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Types of projects

Doctors Without Borders often hits the headlines when an emergency dominates the news, such as an earthquake, tsunami or war. But we constantly deliver humanitarian aid projects, from disaster response to long-term medical programs which stretch over decades.

Our teams see millions of patients every year, whether or not we hit the headlines.

Emergency response

We can respond to emergencies extremely quickly. When a devastating earthquake hit Haiti in 2010 our teams treated the first casualty within minutes.

We already had staff in the country and they immediately helped victims of the disaster, despite damage to all of our medical facilities, as we geared up for a full emergency response.

Even if we are not active in a country we can deploy within hours. Doctors Without Borders has developed pre-packaged disaster kits, including a complete surgical theatre, an obstetrics kit and an inflatable hospital. These kits are now used as models by emergency relief organizations worldwide.


We have logistics centres and warehouses around the globe  where we buy, test and store equipment including Toyota Land Cruisers, communications equipment, power supplies, water-processing facilities and nutritional supplements.

We also store thousands of tents, shelter kits and other non-perishable items. Planes can be loaded and flown into crisis areas within 24 hours.

Permanent emergency teams work in our headquarters. These experts deploy to coordinate our response and assess the needs as soon as a disaster strikes. They then call up experienced staff from a pool. These people can be on the ground within days. 

Access to healthcare

Not everything strikes without warning; some disasters are slow. They unfold over decades as a disease devastates a population, instability undermines the health system or people are actively excluded from care.

Also, after a rapid emergency subsides people can find it difficult to access healthcare as the area struggles to recover, the government is overwhelmed by the scale of the problems or new health problems are sparked, such as cholera outbreaks when clean water supplies are disrupted.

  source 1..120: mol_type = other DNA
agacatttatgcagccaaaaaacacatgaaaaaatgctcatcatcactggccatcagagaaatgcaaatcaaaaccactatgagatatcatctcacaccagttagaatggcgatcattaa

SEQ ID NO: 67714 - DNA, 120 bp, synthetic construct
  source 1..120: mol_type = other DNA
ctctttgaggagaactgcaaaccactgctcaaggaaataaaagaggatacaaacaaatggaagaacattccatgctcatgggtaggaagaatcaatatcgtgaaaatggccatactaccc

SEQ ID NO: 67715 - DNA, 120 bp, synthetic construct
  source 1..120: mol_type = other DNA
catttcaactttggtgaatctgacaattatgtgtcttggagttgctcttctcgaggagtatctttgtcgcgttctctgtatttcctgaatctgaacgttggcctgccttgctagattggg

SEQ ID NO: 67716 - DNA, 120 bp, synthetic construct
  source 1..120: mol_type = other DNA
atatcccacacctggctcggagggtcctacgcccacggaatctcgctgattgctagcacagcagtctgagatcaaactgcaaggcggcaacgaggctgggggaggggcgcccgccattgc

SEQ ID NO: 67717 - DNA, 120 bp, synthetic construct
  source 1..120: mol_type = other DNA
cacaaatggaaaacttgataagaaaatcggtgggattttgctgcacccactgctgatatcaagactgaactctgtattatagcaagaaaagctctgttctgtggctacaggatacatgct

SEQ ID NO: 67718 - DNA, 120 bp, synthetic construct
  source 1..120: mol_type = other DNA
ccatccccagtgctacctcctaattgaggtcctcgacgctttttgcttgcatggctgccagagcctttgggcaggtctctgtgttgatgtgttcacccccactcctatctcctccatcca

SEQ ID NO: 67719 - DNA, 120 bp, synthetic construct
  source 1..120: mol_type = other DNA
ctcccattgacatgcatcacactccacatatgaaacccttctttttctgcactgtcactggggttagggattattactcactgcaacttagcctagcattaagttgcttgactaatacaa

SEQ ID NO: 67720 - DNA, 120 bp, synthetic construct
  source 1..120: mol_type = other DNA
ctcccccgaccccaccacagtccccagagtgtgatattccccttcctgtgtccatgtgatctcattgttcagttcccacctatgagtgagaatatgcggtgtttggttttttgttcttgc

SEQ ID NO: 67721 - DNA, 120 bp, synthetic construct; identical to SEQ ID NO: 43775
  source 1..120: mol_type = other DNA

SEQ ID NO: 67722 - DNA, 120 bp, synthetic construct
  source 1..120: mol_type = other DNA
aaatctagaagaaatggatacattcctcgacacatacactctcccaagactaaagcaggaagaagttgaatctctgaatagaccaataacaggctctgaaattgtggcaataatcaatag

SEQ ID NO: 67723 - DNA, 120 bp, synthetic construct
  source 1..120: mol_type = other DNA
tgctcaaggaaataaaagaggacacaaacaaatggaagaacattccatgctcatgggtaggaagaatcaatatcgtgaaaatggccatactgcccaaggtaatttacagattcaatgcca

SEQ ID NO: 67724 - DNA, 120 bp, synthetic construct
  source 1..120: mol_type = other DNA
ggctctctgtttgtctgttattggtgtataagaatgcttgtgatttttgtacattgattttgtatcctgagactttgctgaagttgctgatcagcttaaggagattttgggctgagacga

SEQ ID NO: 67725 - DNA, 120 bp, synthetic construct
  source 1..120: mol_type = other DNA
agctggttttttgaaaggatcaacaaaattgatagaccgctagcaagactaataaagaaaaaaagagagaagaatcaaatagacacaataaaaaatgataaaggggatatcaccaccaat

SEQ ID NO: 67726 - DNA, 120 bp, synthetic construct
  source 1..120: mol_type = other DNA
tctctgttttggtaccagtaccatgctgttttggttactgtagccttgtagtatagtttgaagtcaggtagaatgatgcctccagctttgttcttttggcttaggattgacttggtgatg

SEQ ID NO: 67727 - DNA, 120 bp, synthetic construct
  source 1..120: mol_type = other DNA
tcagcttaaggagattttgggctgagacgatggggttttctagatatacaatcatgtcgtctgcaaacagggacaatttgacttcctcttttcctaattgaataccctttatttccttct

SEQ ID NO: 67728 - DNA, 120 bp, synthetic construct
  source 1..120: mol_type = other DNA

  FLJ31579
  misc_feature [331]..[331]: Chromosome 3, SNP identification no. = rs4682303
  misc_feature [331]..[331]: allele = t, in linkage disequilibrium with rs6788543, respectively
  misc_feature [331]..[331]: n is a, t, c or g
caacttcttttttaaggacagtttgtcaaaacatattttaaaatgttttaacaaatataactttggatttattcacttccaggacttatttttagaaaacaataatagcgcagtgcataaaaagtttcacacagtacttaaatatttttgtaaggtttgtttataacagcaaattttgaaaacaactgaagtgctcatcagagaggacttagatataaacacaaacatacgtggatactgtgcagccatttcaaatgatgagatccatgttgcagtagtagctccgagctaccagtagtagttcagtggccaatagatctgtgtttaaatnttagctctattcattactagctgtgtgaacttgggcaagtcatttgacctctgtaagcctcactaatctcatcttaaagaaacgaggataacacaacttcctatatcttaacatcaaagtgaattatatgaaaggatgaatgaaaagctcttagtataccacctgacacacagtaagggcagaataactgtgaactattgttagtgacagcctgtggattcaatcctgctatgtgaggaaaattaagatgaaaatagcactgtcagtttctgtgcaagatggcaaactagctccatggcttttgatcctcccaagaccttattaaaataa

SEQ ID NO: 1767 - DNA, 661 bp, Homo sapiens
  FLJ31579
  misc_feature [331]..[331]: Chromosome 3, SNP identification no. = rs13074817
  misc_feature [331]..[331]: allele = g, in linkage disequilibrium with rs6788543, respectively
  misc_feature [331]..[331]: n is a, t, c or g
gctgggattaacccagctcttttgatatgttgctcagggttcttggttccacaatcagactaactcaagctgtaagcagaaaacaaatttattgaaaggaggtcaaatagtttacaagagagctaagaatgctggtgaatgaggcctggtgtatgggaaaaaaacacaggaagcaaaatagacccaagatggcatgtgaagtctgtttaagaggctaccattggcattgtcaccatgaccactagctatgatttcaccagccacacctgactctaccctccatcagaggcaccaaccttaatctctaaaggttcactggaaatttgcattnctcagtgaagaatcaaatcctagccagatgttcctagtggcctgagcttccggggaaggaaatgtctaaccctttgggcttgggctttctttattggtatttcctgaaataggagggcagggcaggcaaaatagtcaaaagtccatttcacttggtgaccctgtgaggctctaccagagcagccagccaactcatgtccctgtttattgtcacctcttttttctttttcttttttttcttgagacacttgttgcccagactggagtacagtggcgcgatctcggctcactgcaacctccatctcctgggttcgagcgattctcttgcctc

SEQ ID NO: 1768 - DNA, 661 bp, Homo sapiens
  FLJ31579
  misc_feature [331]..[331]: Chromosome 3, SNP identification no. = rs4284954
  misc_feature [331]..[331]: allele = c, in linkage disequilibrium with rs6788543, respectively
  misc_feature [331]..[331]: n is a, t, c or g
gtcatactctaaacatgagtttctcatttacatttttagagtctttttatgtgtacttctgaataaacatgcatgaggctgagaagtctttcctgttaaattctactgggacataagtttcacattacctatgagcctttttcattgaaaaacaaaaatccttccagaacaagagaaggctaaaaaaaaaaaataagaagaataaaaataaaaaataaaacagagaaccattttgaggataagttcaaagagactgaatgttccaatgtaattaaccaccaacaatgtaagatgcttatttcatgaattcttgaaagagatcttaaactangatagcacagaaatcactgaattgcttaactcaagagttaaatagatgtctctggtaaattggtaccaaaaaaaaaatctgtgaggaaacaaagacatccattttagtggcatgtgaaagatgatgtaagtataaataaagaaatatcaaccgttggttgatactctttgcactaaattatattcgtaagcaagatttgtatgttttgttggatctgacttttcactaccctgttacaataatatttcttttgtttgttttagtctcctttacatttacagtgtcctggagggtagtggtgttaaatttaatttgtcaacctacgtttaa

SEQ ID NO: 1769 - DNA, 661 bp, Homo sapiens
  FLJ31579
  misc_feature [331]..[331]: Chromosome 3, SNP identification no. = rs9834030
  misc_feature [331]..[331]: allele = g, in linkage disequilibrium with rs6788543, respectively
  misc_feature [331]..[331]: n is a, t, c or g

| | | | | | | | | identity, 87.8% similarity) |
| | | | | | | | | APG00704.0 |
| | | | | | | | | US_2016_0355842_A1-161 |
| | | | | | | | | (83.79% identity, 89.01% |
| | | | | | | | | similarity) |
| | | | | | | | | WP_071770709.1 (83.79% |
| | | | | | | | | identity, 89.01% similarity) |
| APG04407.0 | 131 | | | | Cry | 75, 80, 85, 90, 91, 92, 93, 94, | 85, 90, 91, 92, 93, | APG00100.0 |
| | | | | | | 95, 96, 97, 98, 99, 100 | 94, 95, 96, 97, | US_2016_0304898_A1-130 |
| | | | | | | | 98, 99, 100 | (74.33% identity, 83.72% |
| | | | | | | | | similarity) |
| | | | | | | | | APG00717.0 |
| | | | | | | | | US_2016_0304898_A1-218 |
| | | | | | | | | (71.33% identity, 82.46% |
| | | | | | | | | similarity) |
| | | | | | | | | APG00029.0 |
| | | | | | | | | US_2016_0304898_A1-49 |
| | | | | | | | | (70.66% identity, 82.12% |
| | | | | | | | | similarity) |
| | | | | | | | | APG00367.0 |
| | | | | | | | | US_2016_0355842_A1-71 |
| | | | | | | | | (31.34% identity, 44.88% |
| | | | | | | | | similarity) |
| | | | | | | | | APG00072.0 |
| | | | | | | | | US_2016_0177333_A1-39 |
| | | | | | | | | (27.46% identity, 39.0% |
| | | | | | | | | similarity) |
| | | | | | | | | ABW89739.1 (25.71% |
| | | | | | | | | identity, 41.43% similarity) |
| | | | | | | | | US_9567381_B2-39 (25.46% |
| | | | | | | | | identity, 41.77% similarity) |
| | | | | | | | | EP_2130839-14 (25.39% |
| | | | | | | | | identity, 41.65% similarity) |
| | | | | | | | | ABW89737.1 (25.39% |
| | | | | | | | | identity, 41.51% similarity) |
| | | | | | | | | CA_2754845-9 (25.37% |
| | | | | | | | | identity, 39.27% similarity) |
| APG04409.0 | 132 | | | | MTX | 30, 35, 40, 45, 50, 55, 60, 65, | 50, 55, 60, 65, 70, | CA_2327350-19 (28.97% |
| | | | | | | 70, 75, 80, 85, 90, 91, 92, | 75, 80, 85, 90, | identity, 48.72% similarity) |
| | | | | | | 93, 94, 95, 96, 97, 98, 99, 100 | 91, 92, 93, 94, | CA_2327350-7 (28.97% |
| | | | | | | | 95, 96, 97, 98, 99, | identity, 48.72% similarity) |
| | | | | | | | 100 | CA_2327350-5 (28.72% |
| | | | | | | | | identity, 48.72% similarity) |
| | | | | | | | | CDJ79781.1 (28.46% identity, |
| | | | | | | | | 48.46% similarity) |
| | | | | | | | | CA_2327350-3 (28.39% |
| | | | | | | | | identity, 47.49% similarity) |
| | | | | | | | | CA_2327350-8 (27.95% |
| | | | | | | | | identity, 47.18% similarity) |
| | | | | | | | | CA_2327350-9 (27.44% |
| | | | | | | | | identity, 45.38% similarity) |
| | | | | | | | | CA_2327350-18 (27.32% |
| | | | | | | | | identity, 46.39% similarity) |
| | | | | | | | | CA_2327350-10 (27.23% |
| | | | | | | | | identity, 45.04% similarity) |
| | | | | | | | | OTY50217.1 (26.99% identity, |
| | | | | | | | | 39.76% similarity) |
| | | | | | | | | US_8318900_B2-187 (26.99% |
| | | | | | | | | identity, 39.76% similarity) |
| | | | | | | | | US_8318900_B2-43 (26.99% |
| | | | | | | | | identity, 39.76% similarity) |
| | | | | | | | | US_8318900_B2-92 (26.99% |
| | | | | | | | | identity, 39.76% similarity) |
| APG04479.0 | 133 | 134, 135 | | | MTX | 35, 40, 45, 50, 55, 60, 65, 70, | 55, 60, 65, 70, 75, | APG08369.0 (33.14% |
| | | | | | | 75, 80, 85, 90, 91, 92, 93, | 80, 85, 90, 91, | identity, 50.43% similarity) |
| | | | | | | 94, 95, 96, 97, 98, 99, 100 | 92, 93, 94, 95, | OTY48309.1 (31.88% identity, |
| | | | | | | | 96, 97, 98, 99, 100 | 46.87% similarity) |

In these cases, Doctors Without Borders works to give people access to health care and to tackle diseases which need long term treatment, such as HIV/AIDS, tuberculosis and neglected tropical diseases like sleeping sickness.

Long-term care

Our teams may provide day-to-day health care for large populations, such as accident and emergency, surgery and management of chronic conditions.

In some cases there is no functioning health care infrastructure and we build or renovate clinics, introduce ambulance services or set up treatment programs.

We have worked in some countries for decades. If we were to withdraw too soon the health care vacuum could create an emergency, forcing us to return. We work with other aid organizations and governments, when appropriate, to improve health care and end the threat of emergency.

Beyond medical care – advocacy

For many, Doctors Without Borders is synonymous with emergency medical care. But our founders were doctors and journalists; they set Doctors Without Borders up to treat patients and bear witness.

They hoped that by bringing abuses to light they could bring them to an end. Acting and speaking, treating and witnessing were the key words used during the creation of Doctors Without Borders. Today, these are still valid. This means we will speak out, either in private or in public, about the plight of populations in danger.

We also advocate for fairer access to medication. The Access Campaign is based in Geneva. They challenge the high cost of existing medicines and the absence of treatment for many of the diseases affecting our patients. 

Beyond medical care – research

The scope and scale of our work gives us unique access to diseases, data and the reality of delivering care in extreme situations. Doctors Without Borders works hard to improve the way we work and to share the results with others.

For 40 years, Doctors Without Borders has directly witnessed the human cost of the lack of drugs for neglected diseases and has raised its voice against this inequity.

In 2003, seven organizations from around the world joined forces to establish DNDi, Drugs for Neglected Diseases Initiative

Mobile treatment

In some situations we set up mobile projects. These teams move around to make sure that as many people as possible benefit from our care. These can be attached to a fixed clinic, heading out for a day or two to visit isolated areas, or they can constantly move from place to place.

A mobile team travelled through the Central African Republic in 2012. Over 18 days in one city they screened 4,534 people for sleeping sickness.

In the week before screening, community health workers, with the help of local authorities, travelled around the area raising awareness of the disease and passing on the message that free testing and treatment was available.